Introducing Gross Pathology to Undergraduate Medical Students in the Dissecting Room

Andrew Wood, Kate Struthers, Susan Whiten, David Jackson, C. Simon Herrington

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    15 Citations (Scopus)

    Abstract

    Pathology and anatomy are both sciences that contribute to the foundations of a successful medical career. In the past decade, medical education has undergone profound changes with the development of a core curriculum combined with student selected components. There has been a shift from discipline-based teaching towards problem-based learning. Both anatomy and pathology are perceived to have suffered from this educational shift. The challenge is to introduce methods of learning for these subjects into an integrated student-centered curriculum. The purpose of this study was to determine the prevalence of pathology in 12 donor cadavers in the dissecting room of the Bute Medical School, University of St Andrews. All of the cadavers had multiple pathologies (between three to four conditions) ranging from common to rare disorders. A number of prostheses and surgical interventions were also noted. This small study confirms that cadaveric dissection provides an excellent opportunity for the integration of anatomy, pathology, and clinical medicine into the early clinical training of undergraduate medical students. The identification of disease in a cadaver provides an excellent introduction to the gross features of a disease process, but does not substitute for the detailed study of a process later in the curriculum. Anat Sci Educ 3: 97-100, 2010. (C) 2010 American Association of Anatomists.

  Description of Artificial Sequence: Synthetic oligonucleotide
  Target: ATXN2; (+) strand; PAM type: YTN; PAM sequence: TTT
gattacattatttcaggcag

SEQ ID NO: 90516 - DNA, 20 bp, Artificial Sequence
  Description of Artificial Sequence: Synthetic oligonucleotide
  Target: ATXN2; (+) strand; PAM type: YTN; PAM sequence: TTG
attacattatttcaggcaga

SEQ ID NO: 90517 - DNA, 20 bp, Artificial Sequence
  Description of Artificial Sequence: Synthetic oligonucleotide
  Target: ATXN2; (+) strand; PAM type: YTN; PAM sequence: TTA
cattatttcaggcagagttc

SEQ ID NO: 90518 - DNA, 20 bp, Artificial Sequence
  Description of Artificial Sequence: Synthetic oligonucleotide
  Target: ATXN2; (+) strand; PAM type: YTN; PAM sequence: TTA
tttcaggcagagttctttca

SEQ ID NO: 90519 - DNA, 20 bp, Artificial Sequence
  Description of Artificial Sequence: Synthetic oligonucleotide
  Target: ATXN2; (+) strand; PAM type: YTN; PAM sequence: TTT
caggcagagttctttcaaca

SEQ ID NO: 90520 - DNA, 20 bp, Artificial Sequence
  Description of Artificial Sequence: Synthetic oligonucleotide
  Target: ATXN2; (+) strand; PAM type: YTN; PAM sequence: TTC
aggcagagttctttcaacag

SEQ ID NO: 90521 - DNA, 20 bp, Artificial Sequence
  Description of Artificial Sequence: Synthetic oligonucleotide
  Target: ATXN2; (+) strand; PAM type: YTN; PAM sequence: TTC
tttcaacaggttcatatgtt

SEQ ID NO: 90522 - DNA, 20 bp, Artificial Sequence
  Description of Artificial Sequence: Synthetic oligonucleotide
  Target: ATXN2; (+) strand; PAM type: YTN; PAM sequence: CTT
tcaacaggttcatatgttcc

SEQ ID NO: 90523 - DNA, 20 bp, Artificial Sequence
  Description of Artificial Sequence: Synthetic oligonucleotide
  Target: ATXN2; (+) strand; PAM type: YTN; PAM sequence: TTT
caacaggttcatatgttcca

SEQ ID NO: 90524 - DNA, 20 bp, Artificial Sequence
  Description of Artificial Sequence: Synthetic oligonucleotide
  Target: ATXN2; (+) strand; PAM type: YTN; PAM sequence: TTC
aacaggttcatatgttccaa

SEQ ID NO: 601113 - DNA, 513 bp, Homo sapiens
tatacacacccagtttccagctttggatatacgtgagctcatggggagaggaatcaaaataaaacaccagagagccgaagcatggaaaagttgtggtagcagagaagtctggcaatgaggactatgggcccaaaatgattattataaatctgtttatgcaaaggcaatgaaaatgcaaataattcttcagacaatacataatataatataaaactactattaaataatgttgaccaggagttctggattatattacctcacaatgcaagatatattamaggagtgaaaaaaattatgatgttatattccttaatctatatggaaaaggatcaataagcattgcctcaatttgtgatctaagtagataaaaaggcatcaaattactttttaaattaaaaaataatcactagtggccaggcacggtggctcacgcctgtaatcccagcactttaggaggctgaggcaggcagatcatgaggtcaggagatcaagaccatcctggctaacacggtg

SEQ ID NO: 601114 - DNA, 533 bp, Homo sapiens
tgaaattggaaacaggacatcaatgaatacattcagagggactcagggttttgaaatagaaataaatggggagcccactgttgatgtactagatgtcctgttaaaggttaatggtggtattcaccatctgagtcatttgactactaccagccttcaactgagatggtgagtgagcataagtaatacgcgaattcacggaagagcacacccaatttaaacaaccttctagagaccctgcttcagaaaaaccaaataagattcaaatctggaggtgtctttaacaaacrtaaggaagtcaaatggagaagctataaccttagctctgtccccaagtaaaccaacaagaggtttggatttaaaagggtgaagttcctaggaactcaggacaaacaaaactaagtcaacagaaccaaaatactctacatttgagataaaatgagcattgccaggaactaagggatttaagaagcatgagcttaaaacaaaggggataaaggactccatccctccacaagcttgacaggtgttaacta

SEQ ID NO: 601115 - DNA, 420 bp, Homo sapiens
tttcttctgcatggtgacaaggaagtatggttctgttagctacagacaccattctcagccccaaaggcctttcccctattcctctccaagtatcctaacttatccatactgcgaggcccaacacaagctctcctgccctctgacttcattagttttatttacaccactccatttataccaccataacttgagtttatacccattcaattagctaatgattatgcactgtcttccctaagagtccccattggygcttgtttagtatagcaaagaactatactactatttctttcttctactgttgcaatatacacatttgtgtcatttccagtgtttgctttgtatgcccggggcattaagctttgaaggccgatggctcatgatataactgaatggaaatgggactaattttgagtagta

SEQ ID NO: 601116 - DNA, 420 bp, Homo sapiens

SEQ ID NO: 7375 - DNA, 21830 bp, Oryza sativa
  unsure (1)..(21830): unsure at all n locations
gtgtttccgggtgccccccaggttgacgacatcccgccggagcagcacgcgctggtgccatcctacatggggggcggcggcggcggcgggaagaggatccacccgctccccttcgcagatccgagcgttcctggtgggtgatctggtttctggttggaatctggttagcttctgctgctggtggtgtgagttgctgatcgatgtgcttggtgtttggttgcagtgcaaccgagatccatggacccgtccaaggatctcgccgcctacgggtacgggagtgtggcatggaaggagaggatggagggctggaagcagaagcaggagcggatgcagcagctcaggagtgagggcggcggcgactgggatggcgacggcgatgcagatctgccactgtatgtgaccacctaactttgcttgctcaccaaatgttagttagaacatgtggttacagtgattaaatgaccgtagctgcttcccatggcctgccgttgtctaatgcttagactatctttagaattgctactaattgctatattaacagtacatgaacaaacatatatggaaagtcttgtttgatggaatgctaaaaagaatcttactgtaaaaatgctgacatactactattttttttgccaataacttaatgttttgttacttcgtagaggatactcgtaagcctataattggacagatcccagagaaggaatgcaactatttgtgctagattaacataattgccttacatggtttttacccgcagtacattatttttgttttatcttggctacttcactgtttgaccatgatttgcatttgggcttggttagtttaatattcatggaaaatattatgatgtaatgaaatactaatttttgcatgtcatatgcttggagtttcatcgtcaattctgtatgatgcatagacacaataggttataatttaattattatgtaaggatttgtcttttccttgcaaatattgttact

Original languageEnglish
    Pages (from-to)97-100
    Number of pages4
    JournalAnatomical Sciences Education
    Volume3
    Issue number2
    DOIs
    Publication statusPublished - 2010

    Keywords

    • pathology education
    • gross anatomy
    • anatomy education
    • medical education
    • dissection
    • TEACHING ANATOMY
    • ATTITUDES
    • KNOWLEDGE
    • CADAVERS

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